"I believe that spirituality and science are different but complementary investigative approaches with the same greater goal, of seeking the truth." H.H. Dalai Lama The Universe in a Single Atom
I grew up catholic and so the story of Jesus' birth and death are ones I heard year after year at Christmas and Easter, though as a child I was really more interested in Santa and the Bunny than the Christ. Religiously though, I consider myself agnostic, because as the famed ethicist Richard Dawkins stated "you could never actually prove the non-existence of anything" --and as a scientist I rely heavily on data to prove or disprove, well most things. The stark difference between science and religion was stated perfectly by Paul Kurtz in his book Science and Religion: Are They Compatable?, "This commitment to test the validity of ideas and claims, separates science from religion." Though, while science is indeed seeded in data, and religion in faith, many have been able to follow both, and in the process make discoveries that proceeded to change the world.
I am an agnostic scientist who happens to also be fascinated with the world's religions, especially the Abrahamic religions -- Christianity, Judaism and Islam. I most closely try to follow the teachings of the Buddha and very much respect His Holiness the 14th Dalai Lama. H.H. Dalai Lama is a very big proponent of science , and he is able to allow the data to speak for itself; if it should conflict with a story from Buddhism, well then, he claims that story must be reconsidered (see why I heart him?). It takes a very enlightened leader, in my opinion, to question religious beliefs based on scientific evidence. However, that is just one religious leader, of one relatively small religion. In the US there are approximately 2 million Buddhist, the minority of which (30-35%) are Western converts. The predominant religion in the US is Christianity (71%), in fact, the US has more Christians than any other country in the world. Non-Christian religions such as Islam or Judaism are also a small minority, 1-2% of the population, respectively. Those who consider themselves agnostic, atheist, or "nothing in particular" are on the rise, and account for about 23% of the population.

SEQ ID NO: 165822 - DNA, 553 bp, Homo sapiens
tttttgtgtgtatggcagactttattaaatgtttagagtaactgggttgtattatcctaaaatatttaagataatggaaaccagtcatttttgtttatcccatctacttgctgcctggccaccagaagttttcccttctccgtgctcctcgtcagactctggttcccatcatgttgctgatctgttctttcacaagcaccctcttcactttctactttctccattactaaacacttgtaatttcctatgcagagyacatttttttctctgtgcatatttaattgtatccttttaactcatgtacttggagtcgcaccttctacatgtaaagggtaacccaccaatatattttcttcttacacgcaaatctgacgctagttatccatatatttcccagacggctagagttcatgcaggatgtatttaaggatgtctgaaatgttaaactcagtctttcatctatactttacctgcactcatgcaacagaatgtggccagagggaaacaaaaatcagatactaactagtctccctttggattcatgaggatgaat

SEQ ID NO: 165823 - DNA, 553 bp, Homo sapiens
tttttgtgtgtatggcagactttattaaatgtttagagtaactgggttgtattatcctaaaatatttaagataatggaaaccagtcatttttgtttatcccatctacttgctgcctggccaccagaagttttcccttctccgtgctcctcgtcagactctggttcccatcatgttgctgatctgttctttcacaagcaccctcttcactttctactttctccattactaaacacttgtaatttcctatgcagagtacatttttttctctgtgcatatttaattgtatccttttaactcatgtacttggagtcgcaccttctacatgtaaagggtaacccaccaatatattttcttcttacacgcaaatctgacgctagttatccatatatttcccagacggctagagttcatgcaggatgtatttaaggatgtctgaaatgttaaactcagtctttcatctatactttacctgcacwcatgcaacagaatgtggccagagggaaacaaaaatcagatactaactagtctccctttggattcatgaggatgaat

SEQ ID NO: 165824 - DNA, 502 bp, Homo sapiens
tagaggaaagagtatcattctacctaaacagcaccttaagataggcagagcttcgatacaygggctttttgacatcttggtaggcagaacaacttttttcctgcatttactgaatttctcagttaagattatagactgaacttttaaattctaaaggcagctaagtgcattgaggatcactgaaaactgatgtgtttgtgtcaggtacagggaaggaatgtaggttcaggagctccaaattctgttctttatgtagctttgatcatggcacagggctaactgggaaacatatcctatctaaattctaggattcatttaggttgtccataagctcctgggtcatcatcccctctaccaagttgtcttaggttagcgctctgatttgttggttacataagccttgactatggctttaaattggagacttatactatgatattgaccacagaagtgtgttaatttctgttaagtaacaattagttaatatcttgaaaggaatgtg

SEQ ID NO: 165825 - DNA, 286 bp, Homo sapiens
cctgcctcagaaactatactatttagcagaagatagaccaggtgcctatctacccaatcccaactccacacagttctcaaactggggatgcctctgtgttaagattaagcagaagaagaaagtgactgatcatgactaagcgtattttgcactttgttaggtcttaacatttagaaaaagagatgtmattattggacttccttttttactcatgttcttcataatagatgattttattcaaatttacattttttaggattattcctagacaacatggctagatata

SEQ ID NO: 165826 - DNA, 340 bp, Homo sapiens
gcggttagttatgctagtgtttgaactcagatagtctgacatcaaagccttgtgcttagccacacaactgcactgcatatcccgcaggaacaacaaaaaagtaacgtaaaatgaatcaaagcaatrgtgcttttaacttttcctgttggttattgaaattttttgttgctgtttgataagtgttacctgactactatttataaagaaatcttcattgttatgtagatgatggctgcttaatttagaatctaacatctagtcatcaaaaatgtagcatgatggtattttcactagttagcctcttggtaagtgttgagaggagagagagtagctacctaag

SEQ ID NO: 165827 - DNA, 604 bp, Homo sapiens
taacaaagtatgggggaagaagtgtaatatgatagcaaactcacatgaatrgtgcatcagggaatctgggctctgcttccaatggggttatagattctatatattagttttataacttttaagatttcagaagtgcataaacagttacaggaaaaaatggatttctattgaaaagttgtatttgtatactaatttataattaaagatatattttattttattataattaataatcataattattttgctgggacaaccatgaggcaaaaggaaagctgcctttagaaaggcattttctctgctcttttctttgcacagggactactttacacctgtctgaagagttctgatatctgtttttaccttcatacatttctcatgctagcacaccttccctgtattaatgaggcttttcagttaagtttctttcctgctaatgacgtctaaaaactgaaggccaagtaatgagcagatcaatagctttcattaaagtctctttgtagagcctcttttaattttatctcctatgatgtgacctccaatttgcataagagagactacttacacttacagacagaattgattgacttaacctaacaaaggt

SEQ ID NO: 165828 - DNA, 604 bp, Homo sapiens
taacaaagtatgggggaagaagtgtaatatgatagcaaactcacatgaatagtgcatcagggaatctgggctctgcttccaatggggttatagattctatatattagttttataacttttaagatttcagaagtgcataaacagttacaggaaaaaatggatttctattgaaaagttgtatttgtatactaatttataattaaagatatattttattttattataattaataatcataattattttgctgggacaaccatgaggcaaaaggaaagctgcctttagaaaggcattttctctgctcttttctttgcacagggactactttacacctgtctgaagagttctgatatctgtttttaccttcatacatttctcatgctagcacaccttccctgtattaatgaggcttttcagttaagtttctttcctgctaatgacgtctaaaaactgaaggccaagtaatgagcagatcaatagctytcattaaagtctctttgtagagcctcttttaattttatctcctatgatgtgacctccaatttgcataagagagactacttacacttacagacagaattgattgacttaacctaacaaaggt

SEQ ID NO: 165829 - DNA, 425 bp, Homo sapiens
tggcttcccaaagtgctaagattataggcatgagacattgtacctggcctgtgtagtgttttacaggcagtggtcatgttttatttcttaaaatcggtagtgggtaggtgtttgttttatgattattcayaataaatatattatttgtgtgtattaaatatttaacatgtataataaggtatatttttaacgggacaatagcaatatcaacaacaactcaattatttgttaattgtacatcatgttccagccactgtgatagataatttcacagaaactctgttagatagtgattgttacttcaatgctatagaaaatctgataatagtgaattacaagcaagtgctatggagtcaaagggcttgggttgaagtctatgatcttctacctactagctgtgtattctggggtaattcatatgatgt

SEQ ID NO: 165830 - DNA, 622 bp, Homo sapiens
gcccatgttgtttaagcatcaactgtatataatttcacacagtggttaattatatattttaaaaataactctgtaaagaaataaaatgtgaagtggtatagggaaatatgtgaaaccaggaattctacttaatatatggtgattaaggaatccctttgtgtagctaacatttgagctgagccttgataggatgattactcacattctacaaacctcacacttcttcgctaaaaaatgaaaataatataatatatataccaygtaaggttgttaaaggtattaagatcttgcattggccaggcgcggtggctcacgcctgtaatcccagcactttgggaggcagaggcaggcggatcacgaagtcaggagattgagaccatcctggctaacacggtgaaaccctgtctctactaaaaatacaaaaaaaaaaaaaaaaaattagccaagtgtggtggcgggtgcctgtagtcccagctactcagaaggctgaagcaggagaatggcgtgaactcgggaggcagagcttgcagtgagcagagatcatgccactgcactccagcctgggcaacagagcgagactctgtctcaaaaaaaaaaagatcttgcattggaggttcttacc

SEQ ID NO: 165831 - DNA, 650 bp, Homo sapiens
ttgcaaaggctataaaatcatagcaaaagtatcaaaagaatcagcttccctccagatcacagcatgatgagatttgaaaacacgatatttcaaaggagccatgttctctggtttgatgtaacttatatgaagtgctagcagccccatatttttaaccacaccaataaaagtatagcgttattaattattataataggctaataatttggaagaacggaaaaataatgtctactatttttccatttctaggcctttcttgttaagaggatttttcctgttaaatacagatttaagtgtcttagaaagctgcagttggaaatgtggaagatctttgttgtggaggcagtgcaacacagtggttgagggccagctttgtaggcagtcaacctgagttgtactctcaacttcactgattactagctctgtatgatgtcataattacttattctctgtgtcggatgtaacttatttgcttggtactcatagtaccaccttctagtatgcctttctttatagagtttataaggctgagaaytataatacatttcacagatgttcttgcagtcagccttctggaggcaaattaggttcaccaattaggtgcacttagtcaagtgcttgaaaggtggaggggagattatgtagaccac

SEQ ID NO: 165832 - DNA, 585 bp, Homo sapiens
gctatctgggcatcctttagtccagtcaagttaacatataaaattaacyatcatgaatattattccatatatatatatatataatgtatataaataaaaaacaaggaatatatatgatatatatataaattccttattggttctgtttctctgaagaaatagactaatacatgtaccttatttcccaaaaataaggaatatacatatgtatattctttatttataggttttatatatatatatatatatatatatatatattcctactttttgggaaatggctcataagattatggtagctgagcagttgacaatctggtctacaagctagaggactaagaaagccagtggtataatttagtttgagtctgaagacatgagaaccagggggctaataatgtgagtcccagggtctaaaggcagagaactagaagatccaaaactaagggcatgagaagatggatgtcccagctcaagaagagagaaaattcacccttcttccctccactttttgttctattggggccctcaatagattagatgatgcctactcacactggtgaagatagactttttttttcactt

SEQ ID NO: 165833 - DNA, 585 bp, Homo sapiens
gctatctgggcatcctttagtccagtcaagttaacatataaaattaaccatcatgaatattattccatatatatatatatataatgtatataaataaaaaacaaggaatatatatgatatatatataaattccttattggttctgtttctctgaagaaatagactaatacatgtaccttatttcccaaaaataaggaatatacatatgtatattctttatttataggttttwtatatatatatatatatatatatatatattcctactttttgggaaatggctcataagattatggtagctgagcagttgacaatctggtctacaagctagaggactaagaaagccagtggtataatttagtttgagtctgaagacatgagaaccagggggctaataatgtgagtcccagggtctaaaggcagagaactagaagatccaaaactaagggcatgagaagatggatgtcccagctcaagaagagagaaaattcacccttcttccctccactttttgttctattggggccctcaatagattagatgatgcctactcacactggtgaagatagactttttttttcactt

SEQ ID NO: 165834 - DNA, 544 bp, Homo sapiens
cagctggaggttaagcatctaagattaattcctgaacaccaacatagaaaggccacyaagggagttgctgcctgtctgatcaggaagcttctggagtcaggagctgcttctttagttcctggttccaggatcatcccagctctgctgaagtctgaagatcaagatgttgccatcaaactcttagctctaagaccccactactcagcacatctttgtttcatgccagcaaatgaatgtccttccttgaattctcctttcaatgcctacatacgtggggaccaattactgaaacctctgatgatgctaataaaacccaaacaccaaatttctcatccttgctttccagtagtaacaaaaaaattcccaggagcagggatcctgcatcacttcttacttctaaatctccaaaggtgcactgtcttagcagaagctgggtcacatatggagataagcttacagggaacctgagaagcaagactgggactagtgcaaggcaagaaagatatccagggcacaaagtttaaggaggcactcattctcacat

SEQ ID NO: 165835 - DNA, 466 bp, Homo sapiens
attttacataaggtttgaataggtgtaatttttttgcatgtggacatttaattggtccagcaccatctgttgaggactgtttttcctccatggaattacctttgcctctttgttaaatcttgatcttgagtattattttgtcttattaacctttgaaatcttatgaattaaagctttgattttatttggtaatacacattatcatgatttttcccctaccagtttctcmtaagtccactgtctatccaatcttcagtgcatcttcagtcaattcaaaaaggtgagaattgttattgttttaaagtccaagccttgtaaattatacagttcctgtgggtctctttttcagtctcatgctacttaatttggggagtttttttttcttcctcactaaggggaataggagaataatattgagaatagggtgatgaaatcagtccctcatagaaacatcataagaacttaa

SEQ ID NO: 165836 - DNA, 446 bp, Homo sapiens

It seems that as the agnostic, atheist, or "nothing in particular" group grows, the more the debate between science and religion has crept into the mainstream, especially with science rock stars such as Neil Degrasse Tyson & Bill Nye, and religion rock stars such as Pope Francis & H.H. Dalai Lama. Neil Degrasse Tyson has taken mainstream America by storm with his primetime show Cosmos and his amazing propensity for great soundbites, famously stating "The good thing about science is that its true whether you believe it or not". The exact opposite is true for religion, as religion is built firmly on faith. Bill Nye for his part, boldly took on creationist Ken Ham in an evolution vs. creationism debate broadcast live on the internet to science and religious fanatics alike. I, like many, watched the debate and followed along on social media. I even took to social media to respond to Creationists' questions that Buzzfeed posted after the debate. During the debate, Nye questioned all of Ham's claims, asking for evidence; Ham preached faith. For me, that debate was the epitome of the perception of the relationship between science and religion in our country today. I very much enjoyed the entertainment value of it, but I am not sure any minds were changed or substantial conclusions made on either side. Another devout Christian, Republican Presidential hopeful Rick Santorum recently weighed in on the science and religion debate stating that he believes the church has been wrong on scientific issues and that the church would be "better off leaving science to the scientists...". Though, if history is any guide, that may not be entirely true.